Skip to main content

Polybrominated Diphenyl Ethers (PBDEs) Concentration in Sediments Located in the Vicinity of Fish Plant Effluent Outfalls in the Maritimes

Abstract

Since polybrominated biphenyl ethers (PBDEs) are known to be present in various species of fish, it is likely that fish processing effluent would contain significant amount of PBDEs. The purpose of this study was to determine the PBDE concentrations in sediments located near fish plant effluent outfalls. The range of concentrations of PBDEs in marine sediments in Canada published in the literature was very similar to the results obtained in this study (0.015–5.12 ng/g, dry weight). The concentrations measured in this study for all three technical mixtures (2.78 × 10−3, 1.92 × 10−3 and 2.02 × 10−3 mg/kg, respectively) were all below known toxicity thresholds (0.031, 9.1 and 76 mg/kg, respectively).

This is a preview of subscription content, access via your institution.

Fig. 1

References

  1. Environment Canada (2006) Ecological screening assessment report on polybrominated diphenyl ethers (PBDEs). June 2006

  2. EPA (2003) Draft method 1614. Brominated diphenyl ethers in water, soil, sediment, and tissue by HRGC/HRMS

  3. Hale RC, La Guardia MJ, Harvey E, Mainor TM, Duff WH, Gaylor MO (2001) Polybrominated diphenyl ether flame retardants in Virginia freshwater fishes (USA). Environ Sci Tech 35:4585–4591

    Article  CAS  Google Scholar 

  4. Hale RC, La Guardia MJ, Harvey E, Gaylor MO, Mainor TM (2006) Brominated flame retardant concentrations and trends in abiotic media. Chemosphere 64:181–186

    Article  CAS  Google Scholar 

  5. Ikonomou MG, Fernandez MP, Hickman ZL (2006) Spatio-temporal and species-specific variation in PBDE levels/patterns in British Columbia's coastal waters. Environ Poll 140:355–363

    Article  CAS  Google Scholar 

  6. Lalonde B, Garron C, Ernst W (2007) Characterization and toxicity testing of fish processing plant effluent in Canada. Surveillance report EPS-5-AR-07-03

  7. Law RJ, Herzke D, Haard S, Bersuder P, Morris S, Allchin CR (2008) Levels and trends of HBCD and BDEs in the European and Asian environments, with some information for other BFRs. Chemosphere 73:233–241

    Article  Google Scholar 

  8. Li A, Rockne KJ, Sturchio N, Song W, Ford JC, Buckley DR, Mils WJ (2006) Polybrominated diphenyl ethers in the sediments of the great Lakes.4. Influencing factors, trends and implications. Environ Sci Tech 40:7528–7534

    Article  CAS  Google Scholar 

  9. Moon H, Choi H, Kim S, Lee P, Ok G (2002) Polybrominated diphenyls in marine sediments and bivalves from the coastal areas of Korea. Organohalogen Compd 58:221–224

    CAS  Google Scholar 

  10. Nylund K, Asplund L, Jansson B, Jonsson P, Litzén K, Sellström U (1992) Analysis of some polyhalogenated organic pollutants in sediment and sewage sludge. Chemosphere 24:1721–1730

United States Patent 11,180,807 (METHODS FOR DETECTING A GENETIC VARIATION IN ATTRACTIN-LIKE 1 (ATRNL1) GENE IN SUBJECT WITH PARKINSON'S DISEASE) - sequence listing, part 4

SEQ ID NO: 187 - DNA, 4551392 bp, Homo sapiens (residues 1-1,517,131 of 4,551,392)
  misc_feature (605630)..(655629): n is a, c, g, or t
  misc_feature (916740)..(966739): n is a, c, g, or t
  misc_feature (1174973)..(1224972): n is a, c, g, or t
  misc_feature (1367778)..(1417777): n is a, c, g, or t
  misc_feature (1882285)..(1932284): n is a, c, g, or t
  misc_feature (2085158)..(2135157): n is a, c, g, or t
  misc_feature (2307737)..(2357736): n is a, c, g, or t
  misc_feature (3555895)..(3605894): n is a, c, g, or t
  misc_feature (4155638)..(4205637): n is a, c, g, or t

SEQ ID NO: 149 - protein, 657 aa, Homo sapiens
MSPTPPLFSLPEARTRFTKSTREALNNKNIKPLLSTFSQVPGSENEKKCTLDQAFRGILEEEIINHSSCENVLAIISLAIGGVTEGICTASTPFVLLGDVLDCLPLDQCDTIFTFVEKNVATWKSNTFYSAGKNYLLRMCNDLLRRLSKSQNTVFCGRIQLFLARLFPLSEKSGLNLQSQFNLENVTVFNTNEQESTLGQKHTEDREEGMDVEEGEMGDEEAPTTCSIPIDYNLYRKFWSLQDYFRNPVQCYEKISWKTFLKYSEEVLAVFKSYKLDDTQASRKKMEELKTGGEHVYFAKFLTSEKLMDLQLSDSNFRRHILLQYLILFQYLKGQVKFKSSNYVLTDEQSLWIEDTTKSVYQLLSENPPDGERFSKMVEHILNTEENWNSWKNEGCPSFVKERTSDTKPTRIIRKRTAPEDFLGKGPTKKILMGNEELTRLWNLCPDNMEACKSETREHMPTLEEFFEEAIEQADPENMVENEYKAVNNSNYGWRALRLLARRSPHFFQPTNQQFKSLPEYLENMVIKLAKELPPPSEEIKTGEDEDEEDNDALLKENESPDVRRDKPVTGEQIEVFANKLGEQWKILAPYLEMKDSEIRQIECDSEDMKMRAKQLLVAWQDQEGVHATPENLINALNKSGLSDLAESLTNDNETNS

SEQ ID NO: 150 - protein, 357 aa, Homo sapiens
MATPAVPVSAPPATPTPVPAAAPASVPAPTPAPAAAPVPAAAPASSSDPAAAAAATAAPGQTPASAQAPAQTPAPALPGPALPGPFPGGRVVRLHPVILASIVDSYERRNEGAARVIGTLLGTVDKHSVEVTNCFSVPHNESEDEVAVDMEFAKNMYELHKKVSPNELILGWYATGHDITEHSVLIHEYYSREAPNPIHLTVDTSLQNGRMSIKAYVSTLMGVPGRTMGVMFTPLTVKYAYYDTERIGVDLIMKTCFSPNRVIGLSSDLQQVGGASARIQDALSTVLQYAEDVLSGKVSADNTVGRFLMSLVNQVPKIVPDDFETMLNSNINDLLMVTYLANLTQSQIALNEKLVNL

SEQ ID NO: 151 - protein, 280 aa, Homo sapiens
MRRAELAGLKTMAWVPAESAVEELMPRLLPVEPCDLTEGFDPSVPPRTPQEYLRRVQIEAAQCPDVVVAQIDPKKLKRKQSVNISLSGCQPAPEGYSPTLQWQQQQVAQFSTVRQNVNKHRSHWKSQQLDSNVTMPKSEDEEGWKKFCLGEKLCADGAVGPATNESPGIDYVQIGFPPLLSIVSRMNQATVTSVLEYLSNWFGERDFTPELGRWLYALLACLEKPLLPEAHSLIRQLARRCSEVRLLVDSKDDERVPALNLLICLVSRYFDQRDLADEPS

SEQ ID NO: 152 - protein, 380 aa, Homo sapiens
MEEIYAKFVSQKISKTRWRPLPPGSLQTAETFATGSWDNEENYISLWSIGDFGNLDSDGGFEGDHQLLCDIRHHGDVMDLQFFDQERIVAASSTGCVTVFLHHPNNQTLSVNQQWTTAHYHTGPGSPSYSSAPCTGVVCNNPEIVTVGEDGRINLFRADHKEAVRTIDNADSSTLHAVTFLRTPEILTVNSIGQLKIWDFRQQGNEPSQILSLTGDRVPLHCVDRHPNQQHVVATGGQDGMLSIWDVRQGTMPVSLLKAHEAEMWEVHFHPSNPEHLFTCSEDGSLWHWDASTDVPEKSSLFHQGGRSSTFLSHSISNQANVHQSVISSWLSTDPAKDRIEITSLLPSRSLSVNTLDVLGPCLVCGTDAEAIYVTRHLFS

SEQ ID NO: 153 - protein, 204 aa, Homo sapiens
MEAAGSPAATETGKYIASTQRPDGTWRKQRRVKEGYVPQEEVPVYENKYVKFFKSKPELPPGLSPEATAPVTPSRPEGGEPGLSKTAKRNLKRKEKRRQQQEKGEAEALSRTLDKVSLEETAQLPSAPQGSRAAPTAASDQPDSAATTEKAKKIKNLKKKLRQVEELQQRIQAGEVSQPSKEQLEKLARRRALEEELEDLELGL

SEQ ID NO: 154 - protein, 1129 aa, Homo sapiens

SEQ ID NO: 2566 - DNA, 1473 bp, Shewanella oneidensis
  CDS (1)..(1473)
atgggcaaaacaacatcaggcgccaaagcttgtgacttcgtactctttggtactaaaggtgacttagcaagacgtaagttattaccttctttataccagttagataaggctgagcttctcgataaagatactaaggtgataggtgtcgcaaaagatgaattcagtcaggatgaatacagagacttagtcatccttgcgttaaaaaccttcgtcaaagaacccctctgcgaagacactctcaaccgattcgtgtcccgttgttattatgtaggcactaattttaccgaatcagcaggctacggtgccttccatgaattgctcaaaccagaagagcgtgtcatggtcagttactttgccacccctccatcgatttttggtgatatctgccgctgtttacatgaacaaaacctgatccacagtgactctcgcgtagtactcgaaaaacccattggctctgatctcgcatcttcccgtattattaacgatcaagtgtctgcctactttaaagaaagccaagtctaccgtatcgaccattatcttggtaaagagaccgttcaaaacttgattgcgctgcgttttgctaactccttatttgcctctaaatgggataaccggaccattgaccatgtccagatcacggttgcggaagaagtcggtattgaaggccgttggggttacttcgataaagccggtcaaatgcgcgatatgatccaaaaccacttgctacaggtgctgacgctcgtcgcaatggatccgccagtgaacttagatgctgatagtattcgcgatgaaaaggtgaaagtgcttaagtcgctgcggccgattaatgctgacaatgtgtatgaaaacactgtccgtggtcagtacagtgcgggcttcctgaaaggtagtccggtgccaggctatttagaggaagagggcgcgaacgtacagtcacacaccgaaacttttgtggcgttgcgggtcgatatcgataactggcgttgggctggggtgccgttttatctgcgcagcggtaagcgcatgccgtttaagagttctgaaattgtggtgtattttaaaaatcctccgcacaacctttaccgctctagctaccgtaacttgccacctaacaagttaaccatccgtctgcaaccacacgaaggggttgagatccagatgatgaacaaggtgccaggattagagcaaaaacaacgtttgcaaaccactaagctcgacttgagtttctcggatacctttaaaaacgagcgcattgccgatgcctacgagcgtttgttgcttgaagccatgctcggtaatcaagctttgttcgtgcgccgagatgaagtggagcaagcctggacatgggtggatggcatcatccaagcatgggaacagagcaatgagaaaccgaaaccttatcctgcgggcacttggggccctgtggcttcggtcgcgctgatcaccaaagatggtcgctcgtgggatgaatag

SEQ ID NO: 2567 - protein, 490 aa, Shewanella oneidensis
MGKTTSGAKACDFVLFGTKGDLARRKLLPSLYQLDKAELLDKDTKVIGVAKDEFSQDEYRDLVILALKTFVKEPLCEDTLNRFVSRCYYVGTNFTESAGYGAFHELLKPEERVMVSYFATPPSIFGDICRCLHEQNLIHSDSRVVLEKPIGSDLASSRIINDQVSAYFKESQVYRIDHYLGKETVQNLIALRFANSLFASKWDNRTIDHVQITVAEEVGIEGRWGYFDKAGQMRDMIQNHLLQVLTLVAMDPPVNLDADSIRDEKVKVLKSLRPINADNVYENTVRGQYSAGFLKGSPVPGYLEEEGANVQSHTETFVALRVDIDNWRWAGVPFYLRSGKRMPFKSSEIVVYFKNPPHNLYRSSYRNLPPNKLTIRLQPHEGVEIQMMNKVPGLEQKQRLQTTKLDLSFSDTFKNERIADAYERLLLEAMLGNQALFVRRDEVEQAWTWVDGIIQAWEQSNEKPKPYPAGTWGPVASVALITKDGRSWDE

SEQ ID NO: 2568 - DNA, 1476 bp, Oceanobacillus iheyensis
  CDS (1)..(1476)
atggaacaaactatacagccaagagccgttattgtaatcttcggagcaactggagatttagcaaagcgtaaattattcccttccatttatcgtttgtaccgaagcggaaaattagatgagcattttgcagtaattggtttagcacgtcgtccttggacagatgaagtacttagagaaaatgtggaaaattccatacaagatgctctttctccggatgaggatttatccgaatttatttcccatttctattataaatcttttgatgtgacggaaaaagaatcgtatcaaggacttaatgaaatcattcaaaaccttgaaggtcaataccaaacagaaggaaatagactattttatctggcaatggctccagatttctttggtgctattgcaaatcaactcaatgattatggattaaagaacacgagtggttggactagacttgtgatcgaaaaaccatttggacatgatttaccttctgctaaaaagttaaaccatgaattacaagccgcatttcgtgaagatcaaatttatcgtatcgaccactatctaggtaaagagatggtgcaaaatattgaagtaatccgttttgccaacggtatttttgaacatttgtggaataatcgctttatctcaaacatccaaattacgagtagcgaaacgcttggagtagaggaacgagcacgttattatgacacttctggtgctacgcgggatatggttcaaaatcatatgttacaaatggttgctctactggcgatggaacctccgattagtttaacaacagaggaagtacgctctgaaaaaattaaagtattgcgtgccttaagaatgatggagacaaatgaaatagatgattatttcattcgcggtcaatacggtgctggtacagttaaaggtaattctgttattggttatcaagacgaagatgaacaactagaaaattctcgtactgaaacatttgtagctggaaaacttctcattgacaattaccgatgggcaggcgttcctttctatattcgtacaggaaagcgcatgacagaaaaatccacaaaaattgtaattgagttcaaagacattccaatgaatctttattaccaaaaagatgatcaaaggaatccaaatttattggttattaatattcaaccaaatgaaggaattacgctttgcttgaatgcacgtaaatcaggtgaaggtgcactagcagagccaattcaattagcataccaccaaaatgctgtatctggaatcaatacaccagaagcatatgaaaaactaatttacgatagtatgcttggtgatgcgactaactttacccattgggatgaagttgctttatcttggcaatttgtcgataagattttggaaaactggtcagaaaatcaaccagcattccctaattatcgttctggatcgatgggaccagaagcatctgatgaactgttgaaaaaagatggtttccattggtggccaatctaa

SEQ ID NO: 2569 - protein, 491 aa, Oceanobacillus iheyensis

Article  CAS  Google Scholar 

  11. Rayne S, Ikonomou MG, Antcliffe B (2003) Rapidly increasing polybrominated diphenyl ether concentrations in the Columbia River system from 1992 to 2000. Environ Sci Technol 37:2847–2854

    Article  CAS  Google Scholar 

  12. Sather PJ, Ikonomou MG, Haya K (2006) Occurrence of persistent organic pollutants in sediments collected near fish farm sites. Aquaculture 254:234–247

    Article  CAS  Google Scholar 

  13. Sellstrom U, Kierkegaard A, de Wit C, Jansson B (1998) Polybrominated dyphenyl ethers and hexabromocyclododecane in sediment and in fish from a Swedish River. Environ Toxicol Chem 17:1065–1072

    Article  CAS  Google Scholar 

  14. Shen L, Gerwurtz S, Kolic T, MacPherson K, Reiner E, Helm P, Brindle I, Marvin C (2006) Polybrominated diphenyl ethers in Lake Huron sediments. Organohalogen Compd 68:1835–1838

    CAS  Google Scholar 

  15. van Zeijl H (1997) Report of the results of the one-off DIFFCHEM-project. Oslo and Paris convention for the prevention of Marine pollution. Environmental assessment and monitoring committee (ASMO), Copenhagen, 7–11 April 1997

Download references

Acknowledgments

We thank Bertin Gauvin from La coallition pour la viabilité de l’environnement de Shippagan et des Îles Lamèque et Miscou, Simon Courtenay from Fisheries and Oceans Canada at the Canadian Rivers Institute and Monica Boudreau from Fisheries and Oceans Canada for their technical assistance in obtaining and analysing the sediment samples. We are also grateful to Paula Jackman and Ken Doe from Environment Canada’s Environmental Quality Laboratory in Moncton (NB) for the ammonia, redox and sulphide results.

Author information

Affiliations

Authors

Corresponding author

Correspondence to Benoit A. Lalonde.

Rights and permissions

Reprints and Permissions

About this article

Cite this article

Lalonde, B.A., Ernst, W. Polybrominated Diphenyl Ethers (PBDEs) Concentration in Sediments Located in the Vicinity of Fish Plant Effluent Outfalls in the Maritimes. Bull Environ Contam Toxicol 84, 322–325 (2010). https://doi.org/10.1007/s00128-009-9930-2

Download citation

Keywords

  • PBDEs
  • Fish plant
  • Sediment
  • Effluent